proportional to the quantity itself, the solution of a
shows that the value of the quantity will "exponentiate", as follows:
q = qoegt, where e = 2.72, t is time,
qo is the quantity at the start, and g is the constant of
In the case of population, g is the net birth
rate, i.e. the fractional excess of births over deaths in a
The result is that q grows continuously and at an ever
The figure to the right shows a typical exponential function (click
See this article for more information.
The same formulation applies to a number of real-world situations. For
example, to a savings account subject to compound
The population will "run away," or grow without limit, as long
as the net birth rate does not go to zero.
Note that exponentiation cannot be avoided for any finite
positive growth rate; it is simply slower for smaller rates.
- Exponential growth is insidious. A tiny 2% excess of
births over deaths implies a "doubling time" for the population of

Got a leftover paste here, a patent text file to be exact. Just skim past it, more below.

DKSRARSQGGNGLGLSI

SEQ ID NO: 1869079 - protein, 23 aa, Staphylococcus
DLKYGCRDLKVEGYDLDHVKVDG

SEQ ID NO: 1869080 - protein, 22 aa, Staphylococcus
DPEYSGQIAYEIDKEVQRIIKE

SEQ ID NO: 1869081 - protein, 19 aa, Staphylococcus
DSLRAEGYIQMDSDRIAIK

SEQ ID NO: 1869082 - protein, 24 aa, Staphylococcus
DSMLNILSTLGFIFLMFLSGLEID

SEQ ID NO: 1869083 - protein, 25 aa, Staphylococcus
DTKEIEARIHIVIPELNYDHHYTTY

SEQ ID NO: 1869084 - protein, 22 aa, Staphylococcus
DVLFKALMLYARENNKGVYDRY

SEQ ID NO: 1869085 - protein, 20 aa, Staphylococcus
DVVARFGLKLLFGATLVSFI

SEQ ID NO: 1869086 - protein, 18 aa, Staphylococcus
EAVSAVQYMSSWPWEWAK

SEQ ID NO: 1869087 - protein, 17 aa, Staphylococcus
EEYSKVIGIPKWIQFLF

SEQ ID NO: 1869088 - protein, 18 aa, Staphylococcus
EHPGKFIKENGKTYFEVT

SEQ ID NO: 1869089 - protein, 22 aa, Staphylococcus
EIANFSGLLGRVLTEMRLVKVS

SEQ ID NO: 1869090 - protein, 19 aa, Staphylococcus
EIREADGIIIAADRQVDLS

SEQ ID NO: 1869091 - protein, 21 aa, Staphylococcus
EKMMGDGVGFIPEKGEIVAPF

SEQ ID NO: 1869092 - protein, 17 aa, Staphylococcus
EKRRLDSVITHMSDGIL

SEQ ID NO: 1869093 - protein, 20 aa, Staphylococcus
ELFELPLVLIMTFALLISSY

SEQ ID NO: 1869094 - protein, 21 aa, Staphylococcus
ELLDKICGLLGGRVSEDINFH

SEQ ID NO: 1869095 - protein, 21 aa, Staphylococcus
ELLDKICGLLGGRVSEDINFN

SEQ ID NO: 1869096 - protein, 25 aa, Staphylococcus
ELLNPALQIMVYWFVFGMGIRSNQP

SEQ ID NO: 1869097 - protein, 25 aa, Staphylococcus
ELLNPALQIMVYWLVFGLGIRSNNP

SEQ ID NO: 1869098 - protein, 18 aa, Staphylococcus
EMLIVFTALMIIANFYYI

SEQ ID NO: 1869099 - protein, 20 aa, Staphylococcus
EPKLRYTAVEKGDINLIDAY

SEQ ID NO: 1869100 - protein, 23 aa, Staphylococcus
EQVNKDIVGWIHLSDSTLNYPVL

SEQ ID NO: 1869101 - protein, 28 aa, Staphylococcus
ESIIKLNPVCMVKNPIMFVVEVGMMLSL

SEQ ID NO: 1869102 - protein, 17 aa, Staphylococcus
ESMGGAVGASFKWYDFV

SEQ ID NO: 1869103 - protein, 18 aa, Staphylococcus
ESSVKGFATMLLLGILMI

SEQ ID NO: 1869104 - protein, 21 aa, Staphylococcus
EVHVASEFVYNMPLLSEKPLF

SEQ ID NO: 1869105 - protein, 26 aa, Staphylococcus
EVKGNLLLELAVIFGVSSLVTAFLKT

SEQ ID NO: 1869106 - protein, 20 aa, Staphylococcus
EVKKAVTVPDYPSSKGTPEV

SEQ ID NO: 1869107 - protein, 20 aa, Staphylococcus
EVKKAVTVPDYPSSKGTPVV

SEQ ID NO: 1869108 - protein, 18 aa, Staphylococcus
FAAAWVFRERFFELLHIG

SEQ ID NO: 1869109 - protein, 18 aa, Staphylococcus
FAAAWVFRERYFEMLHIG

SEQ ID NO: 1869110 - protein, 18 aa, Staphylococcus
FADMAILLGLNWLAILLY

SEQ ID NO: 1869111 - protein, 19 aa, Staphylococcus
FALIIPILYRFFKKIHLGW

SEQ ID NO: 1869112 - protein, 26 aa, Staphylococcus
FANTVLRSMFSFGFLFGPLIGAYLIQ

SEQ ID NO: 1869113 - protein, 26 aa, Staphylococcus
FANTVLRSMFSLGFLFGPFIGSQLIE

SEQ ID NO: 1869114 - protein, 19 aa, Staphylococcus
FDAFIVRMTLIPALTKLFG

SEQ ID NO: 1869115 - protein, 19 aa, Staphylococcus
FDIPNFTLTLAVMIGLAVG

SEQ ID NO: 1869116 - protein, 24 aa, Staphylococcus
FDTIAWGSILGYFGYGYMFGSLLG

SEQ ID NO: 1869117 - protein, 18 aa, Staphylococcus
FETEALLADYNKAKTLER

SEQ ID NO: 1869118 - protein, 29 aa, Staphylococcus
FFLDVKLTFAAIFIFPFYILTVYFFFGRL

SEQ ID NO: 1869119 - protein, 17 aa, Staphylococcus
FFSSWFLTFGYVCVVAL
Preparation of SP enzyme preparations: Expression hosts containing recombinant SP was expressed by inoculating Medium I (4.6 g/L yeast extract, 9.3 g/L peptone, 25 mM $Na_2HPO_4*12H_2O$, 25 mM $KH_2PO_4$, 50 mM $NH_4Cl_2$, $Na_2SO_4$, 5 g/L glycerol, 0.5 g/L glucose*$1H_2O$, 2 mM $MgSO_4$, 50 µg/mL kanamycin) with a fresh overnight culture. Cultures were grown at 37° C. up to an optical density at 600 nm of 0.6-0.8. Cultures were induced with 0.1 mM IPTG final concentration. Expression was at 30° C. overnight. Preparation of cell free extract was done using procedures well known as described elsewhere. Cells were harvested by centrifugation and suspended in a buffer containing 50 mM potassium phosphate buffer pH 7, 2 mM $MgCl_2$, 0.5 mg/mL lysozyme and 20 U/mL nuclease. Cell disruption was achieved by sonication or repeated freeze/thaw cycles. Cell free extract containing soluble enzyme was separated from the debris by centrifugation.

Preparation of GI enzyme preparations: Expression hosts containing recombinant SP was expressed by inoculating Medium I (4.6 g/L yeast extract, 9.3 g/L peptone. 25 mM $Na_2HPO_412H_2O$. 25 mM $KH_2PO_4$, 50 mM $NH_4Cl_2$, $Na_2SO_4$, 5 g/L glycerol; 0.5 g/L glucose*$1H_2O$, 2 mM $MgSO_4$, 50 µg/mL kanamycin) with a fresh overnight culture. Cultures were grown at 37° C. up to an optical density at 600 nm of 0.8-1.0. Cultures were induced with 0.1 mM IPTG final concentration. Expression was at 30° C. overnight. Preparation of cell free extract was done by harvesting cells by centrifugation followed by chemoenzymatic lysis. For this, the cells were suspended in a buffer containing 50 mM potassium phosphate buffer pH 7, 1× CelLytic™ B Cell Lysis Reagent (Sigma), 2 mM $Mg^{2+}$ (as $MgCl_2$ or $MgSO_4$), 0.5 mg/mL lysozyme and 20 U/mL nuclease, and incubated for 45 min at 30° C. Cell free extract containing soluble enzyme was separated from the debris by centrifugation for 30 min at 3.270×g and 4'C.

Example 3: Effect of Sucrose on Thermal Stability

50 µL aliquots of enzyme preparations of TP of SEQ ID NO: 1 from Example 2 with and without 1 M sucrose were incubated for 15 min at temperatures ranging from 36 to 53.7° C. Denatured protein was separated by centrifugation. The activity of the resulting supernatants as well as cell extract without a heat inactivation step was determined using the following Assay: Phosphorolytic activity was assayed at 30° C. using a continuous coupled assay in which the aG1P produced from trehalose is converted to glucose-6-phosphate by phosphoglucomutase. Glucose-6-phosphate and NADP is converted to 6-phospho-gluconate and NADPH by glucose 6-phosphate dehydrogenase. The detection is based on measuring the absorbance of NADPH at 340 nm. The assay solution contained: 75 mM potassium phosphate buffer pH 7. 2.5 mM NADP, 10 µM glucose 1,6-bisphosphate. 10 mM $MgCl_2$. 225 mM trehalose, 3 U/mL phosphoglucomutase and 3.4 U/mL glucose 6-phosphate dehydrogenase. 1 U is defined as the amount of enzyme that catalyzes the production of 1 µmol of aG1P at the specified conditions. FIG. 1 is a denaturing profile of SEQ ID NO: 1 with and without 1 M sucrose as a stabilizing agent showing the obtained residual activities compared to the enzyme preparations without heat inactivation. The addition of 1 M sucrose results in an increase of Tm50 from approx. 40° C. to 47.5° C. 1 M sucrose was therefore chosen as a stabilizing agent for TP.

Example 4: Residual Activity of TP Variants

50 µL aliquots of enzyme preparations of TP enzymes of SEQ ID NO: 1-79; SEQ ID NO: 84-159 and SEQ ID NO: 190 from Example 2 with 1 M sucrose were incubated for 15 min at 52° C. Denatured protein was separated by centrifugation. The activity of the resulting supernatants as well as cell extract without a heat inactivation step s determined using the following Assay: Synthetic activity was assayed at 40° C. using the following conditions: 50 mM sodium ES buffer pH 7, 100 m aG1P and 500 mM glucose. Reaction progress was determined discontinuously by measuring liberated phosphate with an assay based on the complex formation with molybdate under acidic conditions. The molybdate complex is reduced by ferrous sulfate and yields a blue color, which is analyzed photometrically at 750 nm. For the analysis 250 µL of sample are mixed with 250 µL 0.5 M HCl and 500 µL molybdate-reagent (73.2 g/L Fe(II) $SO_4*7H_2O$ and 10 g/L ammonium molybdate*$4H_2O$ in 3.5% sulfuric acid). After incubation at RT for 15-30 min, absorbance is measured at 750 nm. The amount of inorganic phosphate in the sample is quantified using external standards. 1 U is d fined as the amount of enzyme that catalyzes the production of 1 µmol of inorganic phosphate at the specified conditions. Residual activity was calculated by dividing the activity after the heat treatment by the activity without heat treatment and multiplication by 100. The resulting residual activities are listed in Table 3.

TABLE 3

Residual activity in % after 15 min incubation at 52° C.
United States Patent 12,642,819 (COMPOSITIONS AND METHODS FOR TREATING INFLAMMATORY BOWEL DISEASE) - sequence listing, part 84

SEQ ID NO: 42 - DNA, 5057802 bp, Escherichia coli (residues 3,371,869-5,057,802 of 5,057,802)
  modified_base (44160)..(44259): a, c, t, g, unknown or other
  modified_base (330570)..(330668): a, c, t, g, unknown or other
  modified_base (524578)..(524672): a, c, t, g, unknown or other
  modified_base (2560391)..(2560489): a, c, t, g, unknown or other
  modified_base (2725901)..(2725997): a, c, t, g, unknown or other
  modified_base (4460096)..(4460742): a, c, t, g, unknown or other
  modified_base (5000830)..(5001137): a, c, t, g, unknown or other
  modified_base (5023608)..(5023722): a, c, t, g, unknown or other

only 35 years. (The doubling time is inversely proportional to
the growth rate g.) This is close to the actual growth for the human
population between 1960 and 1999.
At that growth rate, starting from 6 billion people in the year 2000,
the total population would be 42 billion -- 7 times larger --
by the year 2100. It would be 290 billion by 2200. If ASTR
1210 scaled in proportion, there would be 7000 people in this class!
For an instantaneous estimate of the US population, click on the:
- The actual growth of the human population over the past
10,000 years is shown in the graph at the right (click for
enlargement). The sudden increase in the growth rate since
industrialization and the introduction of simple public health
protocols around 1800 is obvious. And we have added over one
billion people to the planet since the year 2000.
This graph should scare you. For a little more context, consider
that the spike shown there constitutes only 0.00001% of the
history of planet Earth. And yet the humans born in that spike
have already begun to transform its physical character.
- The potential dangers of population growth in the face of finite